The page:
It should be noted that the particle size of the dispersed rubbery phase or the substrate for the graft thermoplastic does not become fixed until the rubber is substantially crosslinked. Generally, this does not occur until the final stages of polymerization when the conversion of the thermoplastic is above about 70%, preferably greater than 80%. Accordingly, care should be used to ensure that an excessive shear rate is not used in subsequent reactors which will result in a loss or reduction of the particle size.
The rubber particles should have a particle size such that the volume average particle size diameter of the particles is from 6 to 12, preferably from 8 to 10 microns. The volume average particle diameter is given by the ratio of the fourth moment of the particle size distribution to the third moment of the particle size distribution. ##EQU2## wherein ni is the number of all particles having diameter di summed over all particle diameters.
The superstrate thermoplastic polymer may be a polymer formed by the polymerization of one or more monomers selected from the group consisting of: C8-12 vinyl aromatic monomers which are unsubstituted or substituted by a C1-4 alkyl radical; C1-8 alkyl and hydroxy alkyl esters of C3-6 ethylenically unsaturated carboxylic acids; acrylonitrile; methacrylonitrile; and maleic anhydride.
The superstrate may be a homopolymer of one or more C8-12 vinyl aromatic monomers selected from the group consisting of styrene, α-methyl styrene, p-methyl styrene and t-butyl styrene, preferably styrene.
The superstrate may be a high heat styrenic. That is, it may comprise: from 85 to 95 weight % of one or more of the above noted C8-12 vinyl aromatic monomers which are unsubstituted or substituted by a C1-4 alkyl radical; and from 5 to 15 weight % of maleic anhydride.
The superstrate polymer may be a copolymer of one or more C8-12 vinyl aromatic monomers which are unsubstituted or substituted by a C1-4 alkyl radical and one or more C1-8 alkyl or hydroxy alkyl, preferably C1-4 alkyl esters, of a C3-6 ethylenically unsaturated carboxylic acid. Suitable and preferred C8-12 vinyl aromatic monomers have been discussed above. Suitable alkyl esters of ethylenically unsaturated carboxylic acids are the esters of acrylic and methacrylic acid. Particularly useful esters include methyl methacrylate, ethyl methacrylate, methyl acrylate, ethyl acrylate and butyl acrylate. Most preferably, the ester is selected from the group consisting of methyl methacrylate and ethyl acrylate. Useful polymers include those comprising from 80 to 50 weight % of the C8-12 vinyl aromatic monomer and from 20 to 50 weight % of the ester.
The superstrate may be a high heat polymer of one or more C8-12 vinyl aromatic monomers which are unsubstituted or substituted by a C1-4 alkyl radical and one or more C1-8 alkyl or hydroxy alkyl esters of a C3-6 ethylenically unsaturated carboxylic acid. Typically such polymers comprise from 15 to 50 weight % of one or more C1-8 alkyl or hydroxy alkyl esters of a C3-6 ethylenically unsaturated carboxylic acid; from 80 to 35 weight % of one or more C8-12 vinyl aromatic monomers which are unsubstituted or substituted by a C1-4 alkyl radical and from 5 to 15 weight % of maleic anhydride. Suitable C8-12 vinyl aromatic monomers which are unsubstituted or substituted by a C1-4 alkyl radical have been discussed above. Suitable ester monomers have been discussed above.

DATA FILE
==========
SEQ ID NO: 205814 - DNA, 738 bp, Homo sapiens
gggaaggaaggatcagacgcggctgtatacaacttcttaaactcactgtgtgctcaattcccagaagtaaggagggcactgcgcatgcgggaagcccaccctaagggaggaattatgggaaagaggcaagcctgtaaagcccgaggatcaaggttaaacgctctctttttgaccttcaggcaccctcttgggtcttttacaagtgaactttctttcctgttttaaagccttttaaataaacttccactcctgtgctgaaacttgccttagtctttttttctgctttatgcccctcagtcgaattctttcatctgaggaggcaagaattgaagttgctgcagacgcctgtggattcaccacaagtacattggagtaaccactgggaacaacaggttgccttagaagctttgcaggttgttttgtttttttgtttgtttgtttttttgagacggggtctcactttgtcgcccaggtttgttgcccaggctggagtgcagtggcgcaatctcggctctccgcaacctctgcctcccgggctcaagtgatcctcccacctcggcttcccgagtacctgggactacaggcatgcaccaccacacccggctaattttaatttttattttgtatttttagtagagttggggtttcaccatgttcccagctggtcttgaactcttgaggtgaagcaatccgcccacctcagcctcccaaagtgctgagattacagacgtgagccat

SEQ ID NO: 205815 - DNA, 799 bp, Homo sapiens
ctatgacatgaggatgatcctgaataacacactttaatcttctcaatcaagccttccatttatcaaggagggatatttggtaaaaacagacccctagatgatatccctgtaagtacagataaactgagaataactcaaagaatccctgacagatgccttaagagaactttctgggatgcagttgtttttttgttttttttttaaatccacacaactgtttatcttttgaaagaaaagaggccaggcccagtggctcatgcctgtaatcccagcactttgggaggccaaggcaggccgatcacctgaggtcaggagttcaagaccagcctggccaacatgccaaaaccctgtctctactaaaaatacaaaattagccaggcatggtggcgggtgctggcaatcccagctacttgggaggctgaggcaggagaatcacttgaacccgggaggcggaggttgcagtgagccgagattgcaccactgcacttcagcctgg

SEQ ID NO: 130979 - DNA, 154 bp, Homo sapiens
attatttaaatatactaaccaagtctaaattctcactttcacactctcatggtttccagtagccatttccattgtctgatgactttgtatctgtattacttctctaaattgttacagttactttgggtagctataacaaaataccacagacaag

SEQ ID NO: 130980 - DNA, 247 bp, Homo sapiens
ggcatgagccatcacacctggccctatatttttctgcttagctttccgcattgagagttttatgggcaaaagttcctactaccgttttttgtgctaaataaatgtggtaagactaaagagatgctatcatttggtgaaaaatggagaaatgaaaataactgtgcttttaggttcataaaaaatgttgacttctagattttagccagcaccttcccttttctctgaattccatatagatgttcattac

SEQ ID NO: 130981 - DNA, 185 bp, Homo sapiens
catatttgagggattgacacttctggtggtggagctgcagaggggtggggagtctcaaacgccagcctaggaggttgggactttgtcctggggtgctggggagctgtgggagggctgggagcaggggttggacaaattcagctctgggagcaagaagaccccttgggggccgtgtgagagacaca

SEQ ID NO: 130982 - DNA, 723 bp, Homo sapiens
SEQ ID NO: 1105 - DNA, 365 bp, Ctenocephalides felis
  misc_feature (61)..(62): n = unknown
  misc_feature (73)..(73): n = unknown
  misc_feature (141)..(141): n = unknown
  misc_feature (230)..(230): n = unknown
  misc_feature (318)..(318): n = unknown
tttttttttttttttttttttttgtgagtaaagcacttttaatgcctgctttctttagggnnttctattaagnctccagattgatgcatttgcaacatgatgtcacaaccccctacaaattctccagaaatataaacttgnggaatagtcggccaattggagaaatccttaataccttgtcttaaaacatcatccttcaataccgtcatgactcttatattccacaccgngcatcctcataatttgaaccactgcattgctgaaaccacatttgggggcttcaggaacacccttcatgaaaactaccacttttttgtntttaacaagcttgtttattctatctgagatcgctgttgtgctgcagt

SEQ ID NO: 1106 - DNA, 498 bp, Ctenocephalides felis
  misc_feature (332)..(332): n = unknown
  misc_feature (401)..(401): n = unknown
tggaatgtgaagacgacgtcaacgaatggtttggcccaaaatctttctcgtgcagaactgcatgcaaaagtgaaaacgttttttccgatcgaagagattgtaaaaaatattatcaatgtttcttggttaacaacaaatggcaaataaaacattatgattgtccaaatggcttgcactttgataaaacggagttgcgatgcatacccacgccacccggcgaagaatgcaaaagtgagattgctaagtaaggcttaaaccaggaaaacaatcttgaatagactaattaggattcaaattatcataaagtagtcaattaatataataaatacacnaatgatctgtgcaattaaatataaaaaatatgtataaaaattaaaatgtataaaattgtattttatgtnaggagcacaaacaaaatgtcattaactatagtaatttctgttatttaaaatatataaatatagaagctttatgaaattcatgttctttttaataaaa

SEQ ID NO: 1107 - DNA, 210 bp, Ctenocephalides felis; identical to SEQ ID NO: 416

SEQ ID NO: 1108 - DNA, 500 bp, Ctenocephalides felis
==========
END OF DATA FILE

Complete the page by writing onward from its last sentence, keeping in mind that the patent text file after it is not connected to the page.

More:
The superstrate polymer may comprise from 10 to 30 weight % of one or more monomers selected from the group consisting of acrylonitrile and methacrylonitrile and from 90 to 70 weight % of one or more monomers selected from the group consisting of C8-12 vinyl aromatic monomers which are unsubstituted or substituted by a C1-4 alkyl radical. Suitable vinyl aromatic monomers have been discussed above.
The polymers of the present invention may be prepared in a conventional process for the polymerization of a rubber modified high impact thermoplastic polymer. Typically, the rubbery substrate polymer, most preferably a high molecular weight polybutadiene having a medium cis-configuration, is dissolved in one or more of the monomers which are polymerized to form the superstrate polymer and optionally a diluent, such as ethyl benzene. The resulting solution may be polymerized thermally by the application of heat only or by the use of initiators which generate free radicals. The initiators may be difunctional initiators having two different functional groups which decompose at different temperatures to increase the polymer conversion rate without negatively affecting molecular weight. Such difunctional initiators are well known and are described, for example, in the trade literature of the Pennwalt Corporation.
The solution of rubbery polymer and monomers which form the thermoplastic superstrate are polymerized in the "prereactor" under low shear until the solution undergoes phase inversion to yield a large particle size syrup (e.g partially polymerized monomers and thermoplastic having dispersed therethrough the rubber substrate polymer in particulate form). The syrup is then fed into either a tower reactor and is polymerized as the syrup passes down the tower or into a chain typically of at least two horizontal reactors in which the syrup is polymerized as it passes through the chain. In both systems the conversion of the syrup leaving the tower or the last horizontal reactor should typically be not less than about 70%.